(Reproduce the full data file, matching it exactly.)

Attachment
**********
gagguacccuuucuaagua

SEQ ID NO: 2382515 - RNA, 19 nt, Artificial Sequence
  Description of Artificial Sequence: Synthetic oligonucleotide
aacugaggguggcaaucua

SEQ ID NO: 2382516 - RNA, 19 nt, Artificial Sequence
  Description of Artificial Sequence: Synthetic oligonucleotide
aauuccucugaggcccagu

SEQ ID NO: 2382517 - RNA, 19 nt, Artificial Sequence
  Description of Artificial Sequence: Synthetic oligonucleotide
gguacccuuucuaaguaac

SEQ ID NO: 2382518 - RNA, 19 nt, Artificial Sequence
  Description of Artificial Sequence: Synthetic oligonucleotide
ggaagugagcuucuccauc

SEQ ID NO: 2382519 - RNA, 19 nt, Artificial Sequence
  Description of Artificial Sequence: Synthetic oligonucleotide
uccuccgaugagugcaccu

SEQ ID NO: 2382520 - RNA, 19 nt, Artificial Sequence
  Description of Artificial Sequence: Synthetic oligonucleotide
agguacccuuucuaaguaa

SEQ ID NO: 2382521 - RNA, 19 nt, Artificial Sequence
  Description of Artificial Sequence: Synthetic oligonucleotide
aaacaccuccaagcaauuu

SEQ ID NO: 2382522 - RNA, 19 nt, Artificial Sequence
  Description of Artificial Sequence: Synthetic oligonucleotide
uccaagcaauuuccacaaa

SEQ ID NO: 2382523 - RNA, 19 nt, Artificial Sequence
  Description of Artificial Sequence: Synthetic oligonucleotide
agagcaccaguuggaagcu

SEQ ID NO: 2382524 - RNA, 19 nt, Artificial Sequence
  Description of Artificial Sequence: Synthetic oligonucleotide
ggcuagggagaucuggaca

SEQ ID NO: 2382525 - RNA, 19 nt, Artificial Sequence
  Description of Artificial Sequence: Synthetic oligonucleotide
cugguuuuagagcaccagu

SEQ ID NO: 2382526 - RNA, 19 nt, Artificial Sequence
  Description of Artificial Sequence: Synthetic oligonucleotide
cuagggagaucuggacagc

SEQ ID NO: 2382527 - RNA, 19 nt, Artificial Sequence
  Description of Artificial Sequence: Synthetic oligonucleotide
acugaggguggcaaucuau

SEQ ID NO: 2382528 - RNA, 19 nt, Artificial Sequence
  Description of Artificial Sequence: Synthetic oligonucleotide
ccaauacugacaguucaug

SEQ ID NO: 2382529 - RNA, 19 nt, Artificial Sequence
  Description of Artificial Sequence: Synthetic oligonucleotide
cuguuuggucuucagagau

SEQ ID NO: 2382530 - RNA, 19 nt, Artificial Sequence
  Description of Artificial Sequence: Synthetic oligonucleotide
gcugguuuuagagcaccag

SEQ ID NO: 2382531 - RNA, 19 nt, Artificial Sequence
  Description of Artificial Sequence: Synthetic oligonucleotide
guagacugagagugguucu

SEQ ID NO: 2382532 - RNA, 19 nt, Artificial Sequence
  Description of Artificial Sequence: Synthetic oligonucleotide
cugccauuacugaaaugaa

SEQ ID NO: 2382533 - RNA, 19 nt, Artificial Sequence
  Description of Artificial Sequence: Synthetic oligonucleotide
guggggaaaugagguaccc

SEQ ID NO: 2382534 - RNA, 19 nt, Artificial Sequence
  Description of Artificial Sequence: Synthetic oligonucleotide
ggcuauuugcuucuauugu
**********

gagguacccuuucuaagua

SEQ ID NO: 2382515 - RNA, 19 nt, Artificial Sequence
  Description of Artificial Sequence: Synthetic oligonucleotide
aacugaggguggcaaucua

SEQ ID NO: 2382516 - RNA, 19 nt, Artificial Sequence
  Description of Artificial Sequence: Synthetic oligonucleotide
aauuccucugaggcccagu

SEQ ID NO: 2382517 - RNA, 19 nt, Artificial Sequence
  Description of Artificial Sequence: Synthetic oligonucleotide
gguacccuuucuaaguaac

SEQ ID NO: 2382518 - RNA, 19 nt, Artificial Sequence
  Description of Artificial Sequence: Synthetic oligonucleotide
ggaagugagcuucuccauc

SEQ ID NO: 2382519 - RNA, 19 nt, Artificial Sequence
  Description of Artificial Sequence: Synthetic oligonucleotide
uccuccgaugagugcaccu

SEQ ID NO: 2382520 - RNA, 19 nt, Artificial Sequence
  Description of Artificial Sequence: Synthetic oligonucleotide
agguacccuuucuaaguaa

SEQ ID NO: 2382521 - RNA, 19 nt, Artificial Sequence
  Description of Artificial Sequence: Synthetic oligonucleotide
aaacaccuccaagcaauuu

SEQ ID NO: 2382522 - RNA, 19 nt, Artificial Sequence
  Description of Artificial Sequence: Synthetic oligonucleotide
uccaagcaauuuccacaaa

SEQ ID NO: 2382523 - RNA, 19 nt, Artificial Sequence
  Description of Artificial Sequence: Synthetic oligonucleotide
agagcaccaguuggaagcu

SEQ ID NO: 2382524 - RNA, 19 nt, Artificial Sequence
  Description of Artificial Sequence: Synthetic oligonucleotide
ggcuagggagaucuggaca

SEQ ID NO: 2382525 - RNA, 19 nt, Artificial Sequence
  Description of Artificial Sequence: Synthetic oligonucleotide
cugguuuuagagcaccagu

SEQ ID NO: 2382526 - RNA, 19 nt, Artificial Sequence
  Description of Artificial Sequence: Synthetic oligonucleotide
cuagggagaucuggacagc

SEQ ID NO: 2382527 - RNA, 19 nt, Artificial Sequence
  Description of Artificial Sequence: Synthetic oligonucleotide
acugaggguggcaaucuau

SEQ ID NO: 2382528 - RNA, 19 nt, Artificial Sequence
  Description of Artificial Sequence: Synthetic oligonucleotide
ccaauacugacaguucaug

SEQ ID NO: 2382529 - RNA, 19 nt, Artificial Sequence
  Description of Artificial Sequence: Synthetic oligonucleotide
cuguuuggucuucagagau

SEQ ID NO: 2382530 - RNA, 19 nt, Artificial Sequence
  Description of Artificial Sequence: Synthetic oligonucleotide
gcugguuuuagagcaccag

SEQ ID NO: 2382531 - RNA, 19 nt, Artificial Sequence
  Description of Artificial Sequence: Synthetic oligonucleotide
guagacugagagugguucu

SEQ ID NO: 2382532 - RNA, 19 nt, Artificial Sequence
  Description of Artificial Sequence: Synthetic oligonucleotide
cugccauuacugaaaugaa

SEQ ID NO: 2382533 - RNA, 19 nt, Artificial Sequence
  Description of Artificial Sequence: Synthetic oligonucleotide
guggggaaaugagguaccc

SEQ ID NO: 2382534 - RNA, 19 nt, Artificial Sequence
  Description of Artificial Sequence: Synthetic oligonucleotide
ggcuauuugcuucuauugu